Because committed workers are good workers. They value their jobs more.
    They provide better customer service as a result.
    People who are committed care more about their community. They contribute more to it.
    The community gains and gains. Employers get better productivity. They save enormously on training and retraining costs and by allowing more people to own their homes.
    We broaden the wealth base of our community. Close the wealth gap that’s been so topical recently.
    People with equity in their homes can borrow to start small businesses. Over time this will result in a much wider more vigorous and innovative business sector you will see all those little shops fill up again and new ones start.
    This scheme fires up our economy – from the bottom up.

  2. Have we got any numbers on this? And a personal policy rather than party policy may not have broad support in the party room.
    Is this for Alice or the Territory? So many questions.
    Will we have the answers by August 27 or do we just have to trust that the numbers stack up?

  3. Excellent idea, the old Housing Commission Scheme had worked well and helped a lot of people to buy their home.

  4. If you’d been around the place more than five minutes, Jimmy, you would know like the rest of us that this idea really does work!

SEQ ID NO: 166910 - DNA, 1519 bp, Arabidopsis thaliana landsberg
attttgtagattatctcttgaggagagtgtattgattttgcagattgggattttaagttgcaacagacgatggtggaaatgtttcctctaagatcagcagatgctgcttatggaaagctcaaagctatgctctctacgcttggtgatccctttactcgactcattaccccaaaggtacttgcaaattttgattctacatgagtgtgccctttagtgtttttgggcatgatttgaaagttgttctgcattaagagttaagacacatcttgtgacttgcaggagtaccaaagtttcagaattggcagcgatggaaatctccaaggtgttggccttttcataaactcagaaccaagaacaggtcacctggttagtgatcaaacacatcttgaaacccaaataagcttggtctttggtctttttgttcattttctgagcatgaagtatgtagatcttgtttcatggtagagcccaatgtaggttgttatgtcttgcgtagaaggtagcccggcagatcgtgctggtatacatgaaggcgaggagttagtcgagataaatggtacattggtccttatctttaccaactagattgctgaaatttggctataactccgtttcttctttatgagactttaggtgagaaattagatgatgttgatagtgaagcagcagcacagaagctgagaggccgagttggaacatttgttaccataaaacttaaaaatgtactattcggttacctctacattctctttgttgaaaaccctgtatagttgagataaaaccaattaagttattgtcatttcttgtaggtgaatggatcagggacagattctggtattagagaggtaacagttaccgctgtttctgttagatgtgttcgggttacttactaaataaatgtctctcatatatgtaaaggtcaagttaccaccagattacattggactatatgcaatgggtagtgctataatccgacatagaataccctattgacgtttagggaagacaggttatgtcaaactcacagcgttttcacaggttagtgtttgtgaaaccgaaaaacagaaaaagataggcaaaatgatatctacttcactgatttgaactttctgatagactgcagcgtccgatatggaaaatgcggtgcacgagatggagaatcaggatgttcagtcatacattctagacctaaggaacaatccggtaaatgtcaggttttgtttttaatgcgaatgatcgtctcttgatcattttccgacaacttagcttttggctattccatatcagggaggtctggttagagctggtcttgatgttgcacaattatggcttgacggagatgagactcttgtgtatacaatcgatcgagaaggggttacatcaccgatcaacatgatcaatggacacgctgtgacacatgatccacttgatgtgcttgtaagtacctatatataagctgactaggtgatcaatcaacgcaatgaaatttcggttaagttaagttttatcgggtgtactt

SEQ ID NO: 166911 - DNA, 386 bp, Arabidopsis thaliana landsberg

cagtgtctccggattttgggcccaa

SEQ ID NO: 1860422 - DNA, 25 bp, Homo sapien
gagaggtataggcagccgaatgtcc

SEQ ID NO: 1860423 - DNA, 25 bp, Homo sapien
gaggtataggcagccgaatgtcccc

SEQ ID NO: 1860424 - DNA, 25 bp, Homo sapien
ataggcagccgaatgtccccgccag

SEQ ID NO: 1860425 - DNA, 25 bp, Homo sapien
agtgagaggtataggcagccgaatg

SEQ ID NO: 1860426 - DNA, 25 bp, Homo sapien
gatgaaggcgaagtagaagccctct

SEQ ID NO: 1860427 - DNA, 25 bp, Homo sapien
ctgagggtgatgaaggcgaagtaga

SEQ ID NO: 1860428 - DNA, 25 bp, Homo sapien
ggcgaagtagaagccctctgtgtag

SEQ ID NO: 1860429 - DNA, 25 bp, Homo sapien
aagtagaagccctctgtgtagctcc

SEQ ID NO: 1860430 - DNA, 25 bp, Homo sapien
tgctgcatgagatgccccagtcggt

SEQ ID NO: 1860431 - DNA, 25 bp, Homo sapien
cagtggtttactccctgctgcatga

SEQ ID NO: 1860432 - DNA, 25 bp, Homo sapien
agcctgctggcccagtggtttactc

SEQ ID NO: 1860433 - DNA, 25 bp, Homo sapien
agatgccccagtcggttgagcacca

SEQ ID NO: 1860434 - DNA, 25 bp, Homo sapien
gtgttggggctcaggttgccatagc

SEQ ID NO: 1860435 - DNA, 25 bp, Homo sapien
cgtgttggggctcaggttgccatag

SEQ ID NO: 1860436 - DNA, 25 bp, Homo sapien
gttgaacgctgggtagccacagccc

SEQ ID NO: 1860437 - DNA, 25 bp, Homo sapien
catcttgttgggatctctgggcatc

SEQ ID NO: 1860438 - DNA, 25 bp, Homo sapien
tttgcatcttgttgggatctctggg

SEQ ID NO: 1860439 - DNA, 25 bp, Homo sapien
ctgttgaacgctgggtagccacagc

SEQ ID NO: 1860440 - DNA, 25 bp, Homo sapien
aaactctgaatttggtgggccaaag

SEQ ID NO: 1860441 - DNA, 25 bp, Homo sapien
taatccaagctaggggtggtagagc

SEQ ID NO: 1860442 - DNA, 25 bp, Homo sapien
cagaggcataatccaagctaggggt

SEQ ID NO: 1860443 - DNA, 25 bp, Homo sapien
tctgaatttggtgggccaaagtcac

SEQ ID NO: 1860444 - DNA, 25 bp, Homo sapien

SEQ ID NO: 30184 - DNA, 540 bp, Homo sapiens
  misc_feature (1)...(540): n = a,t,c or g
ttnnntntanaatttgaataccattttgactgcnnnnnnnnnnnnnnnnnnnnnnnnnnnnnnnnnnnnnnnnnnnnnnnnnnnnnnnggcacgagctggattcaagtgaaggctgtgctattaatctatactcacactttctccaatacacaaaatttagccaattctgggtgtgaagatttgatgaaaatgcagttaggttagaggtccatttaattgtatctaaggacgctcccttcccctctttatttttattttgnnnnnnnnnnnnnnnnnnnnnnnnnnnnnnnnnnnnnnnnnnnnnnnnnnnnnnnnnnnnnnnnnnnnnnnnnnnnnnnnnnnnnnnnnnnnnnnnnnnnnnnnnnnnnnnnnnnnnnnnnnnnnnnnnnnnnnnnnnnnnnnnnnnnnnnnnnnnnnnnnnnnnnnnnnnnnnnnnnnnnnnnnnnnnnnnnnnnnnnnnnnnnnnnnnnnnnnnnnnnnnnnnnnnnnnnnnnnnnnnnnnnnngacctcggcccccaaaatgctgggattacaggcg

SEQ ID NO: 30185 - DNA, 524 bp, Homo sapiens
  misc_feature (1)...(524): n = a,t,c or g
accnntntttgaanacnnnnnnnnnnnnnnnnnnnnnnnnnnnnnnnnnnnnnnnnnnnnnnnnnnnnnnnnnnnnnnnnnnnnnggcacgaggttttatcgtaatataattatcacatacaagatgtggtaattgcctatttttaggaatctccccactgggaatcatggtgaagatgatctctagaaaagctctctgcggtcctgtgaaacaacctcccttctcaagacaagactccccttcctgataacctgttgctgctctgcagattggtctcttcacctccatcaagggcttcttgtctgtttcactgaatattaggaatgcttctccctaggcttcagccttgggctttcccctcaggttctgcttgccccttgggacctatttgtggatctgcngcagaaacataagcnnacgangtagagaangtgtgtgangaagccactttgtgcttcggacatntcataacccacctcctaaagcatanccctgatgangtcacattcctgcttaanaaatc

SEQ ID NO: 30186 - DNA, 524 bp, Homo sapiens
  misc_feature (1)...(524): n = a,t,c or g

I am simply suggesting an updated model. Clearly it will be for all Territorians! Further to that, from the moment we are observed as being successful with it other envious states will also take it up with a rush! That why its important that we get in first.
    We are competing for these staff! Hence the scheme!
    As for the politics, Jimmy, if I’ve got a policy out there that will advantage the Territory enormously, and also gets enough support to get me elected then I know the party will take it up with a great deal of enthusiasm because believe it or not, that’s what the Country Liberals are all about.
    As for the “figures stacking up” Jimmy, well, like anything government does there are costs, we the people have to decide whether or not they are justified costs. So, Jimmy, what price a stable, happy, productive contributing workforce with a growing investment in our community?
    What is it worth to attract the FIFO Jobs from surrounding projects to our community rather than allowing a huge portion of the wealth extracted from the mine to fly away south in FIFO workers’ pockets?
    The most amazing thing about this scheme!
    Government doesn’t pay anymore than administrative costs! The rest is covered by the Home buyer! I reckon the figures stack up.

  5. I said at his funeral that the late and great Bernie Kilgariff was arguably NTs greatest achiever.
    When he headed up the Housing Commission, every couple in the NT was given the hope / opportunity of being allocated a “government” home, which could be eventually purchased.